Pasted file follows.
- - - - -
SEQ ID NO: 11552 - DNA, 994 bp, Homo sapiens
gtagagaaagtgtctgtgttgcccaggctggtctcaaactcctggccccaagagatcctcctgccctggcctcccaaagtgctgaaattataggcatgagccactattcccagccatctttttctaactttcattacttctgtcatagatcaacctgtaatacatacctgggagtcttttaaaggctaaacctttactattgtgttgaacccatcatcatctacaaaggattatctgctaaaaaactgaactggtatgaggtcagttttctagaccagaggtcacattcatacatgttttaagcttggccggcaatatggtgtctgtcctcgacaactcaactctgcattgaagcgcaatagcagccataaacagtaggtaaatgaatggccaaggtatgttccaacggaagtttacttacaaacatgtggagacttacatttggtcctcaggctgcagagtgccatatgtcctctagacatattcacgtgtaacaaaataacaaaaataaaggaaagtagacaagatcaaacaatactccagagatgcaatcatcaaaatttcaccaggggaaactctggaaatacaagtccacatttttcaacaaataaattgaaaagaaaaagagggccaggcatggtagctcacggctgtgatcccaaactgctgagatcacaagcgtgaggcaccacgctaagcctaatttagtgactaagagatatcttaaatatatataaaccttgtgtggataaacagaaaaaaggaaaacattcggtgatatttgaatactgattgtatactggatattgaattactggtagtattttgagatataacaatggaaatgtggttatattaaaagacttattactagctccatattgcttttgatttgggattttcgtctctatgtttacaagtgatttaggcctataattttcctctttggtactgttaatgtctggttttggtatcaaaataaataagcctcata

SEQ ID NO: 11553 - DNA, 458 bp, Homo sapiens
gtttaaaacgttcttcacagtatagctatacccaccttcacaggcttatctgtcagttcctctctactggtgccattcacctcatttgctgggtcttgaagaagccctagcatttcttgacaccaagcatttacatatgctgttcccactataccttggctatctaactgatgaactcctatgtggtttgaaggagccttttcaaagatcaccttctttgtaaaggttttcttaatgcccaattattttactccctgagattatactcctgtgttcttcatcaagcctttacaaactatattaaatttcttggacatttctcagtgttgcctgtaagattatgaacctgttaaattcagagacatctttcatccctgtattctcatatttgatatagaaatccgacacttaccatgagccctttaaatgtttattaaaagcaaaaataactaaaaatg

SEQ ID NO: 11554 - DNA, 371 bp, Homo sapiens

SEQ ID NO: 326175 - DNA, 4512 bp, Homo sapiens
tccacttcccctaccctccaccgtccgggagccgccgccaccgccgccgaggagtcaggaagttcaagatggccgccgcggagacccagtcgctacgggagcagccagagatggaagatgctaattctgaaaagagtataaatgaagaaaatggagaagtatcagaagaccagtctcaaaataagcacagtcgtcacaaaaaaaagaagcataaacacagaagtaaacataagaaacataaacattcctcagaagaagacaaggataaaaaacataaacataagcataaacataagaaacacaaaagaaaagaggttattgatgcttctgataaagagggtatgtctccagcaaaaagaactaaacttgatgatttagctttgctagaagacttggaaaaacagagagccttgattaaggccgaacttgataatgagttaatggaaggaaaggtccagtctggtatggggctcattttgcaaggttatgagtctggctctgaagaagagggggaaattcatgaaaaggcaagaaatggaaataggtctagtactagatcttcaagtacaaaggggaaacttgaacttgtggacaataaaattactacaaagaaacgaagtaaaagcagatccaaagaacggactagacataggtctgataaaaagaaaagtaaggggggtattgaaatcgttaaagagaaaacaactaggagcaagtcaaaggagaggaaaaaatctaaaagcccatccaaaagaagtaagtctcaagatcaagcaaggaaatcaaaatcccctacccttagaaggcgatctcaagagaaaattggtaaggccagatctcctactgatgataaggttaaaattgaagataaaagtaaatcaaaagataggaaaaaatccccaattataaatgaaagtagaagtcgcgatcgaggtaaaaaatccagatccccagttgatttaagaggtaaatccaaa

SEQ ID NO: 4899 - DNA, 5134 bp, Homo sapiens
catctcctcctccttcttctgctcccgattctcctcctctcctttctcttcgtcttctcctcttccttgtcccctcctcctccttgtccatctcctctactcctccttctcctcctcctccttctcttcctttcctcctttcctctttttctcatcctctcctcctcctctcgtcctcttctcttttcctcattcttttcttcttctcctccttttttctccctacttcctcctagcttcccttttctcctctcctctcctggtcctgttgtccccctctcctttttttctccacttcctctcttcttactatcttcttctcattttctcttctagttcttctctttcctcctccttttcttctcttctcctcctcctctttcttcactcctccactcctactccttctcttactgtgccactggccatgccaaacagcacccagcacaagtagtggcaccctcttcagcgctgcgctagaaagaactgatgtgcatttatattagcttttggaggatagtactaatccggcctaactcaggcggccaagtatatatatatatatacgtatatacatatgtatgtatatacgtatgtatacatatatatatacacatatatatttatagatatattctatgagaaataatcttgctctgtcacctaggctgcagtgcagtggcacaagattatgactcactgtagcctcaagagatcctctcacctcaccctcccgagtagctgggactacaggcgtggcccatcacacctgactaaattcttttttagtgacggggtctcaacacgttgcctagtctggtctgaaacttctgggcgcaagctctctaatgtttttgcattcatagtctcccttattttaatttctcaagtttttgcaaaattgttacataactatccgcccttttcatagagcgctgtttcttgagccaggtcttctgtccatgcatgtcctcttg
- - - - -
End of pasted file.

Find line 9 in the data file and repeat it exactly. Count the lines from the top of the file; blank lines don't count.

catctcctcctccttcttctgctcccgattctcctcctctcctttctcttcgtcttctcctcttccttgtcccctcctcctccttgtccatctcctctactcctccttctcctcctcctccttctcttcctttcctcctttcctctttttctcatcctctcctcctcctctcgtcctcttctcttttcctcattcttttcttcttctcctccttttttctccctacttcctcctagcttcccttttctcctctcctctcctggtcctgttgtccccctctcctttttttctccacttcctctcttcttactatcttcttctcattttctcttctagttcttctctttcctcctccttttcttctcttctcctcctcctctttcttcactcctccactcctactccttctcttactgtgccactggccatgccaaacagcacccagcacaagtagtggcaccctcttcagcgctgcgctagaaagaactgatgtgcatttatattagcttttggaggatagtactaatccggcctaactcaggcggccaagtatatatatatatatacgtatatacatatgtatgtatatacgtatgtatacatatatatatacacatatatatttatagatatattctatgagaaataatcttgctctgtcacctaggctgcagtgcagtggcacaagattatgactcactgtagcctcaagagatcctctcacctcaccctcccgagtagctgggactacaggcgtggcccatcacacctgactaaattcttttttagtgacggggtctcaacacgttgcctagtctggtctgaaacttctgggcgcaagctctctaatgtttttgcattcatagtctcccttattttaatttctcaagtttttgcaaaattgttacataactatccgcccttttcatagagcgctgtttcttgagccaggtcttctgtccatgcatgtcctcttg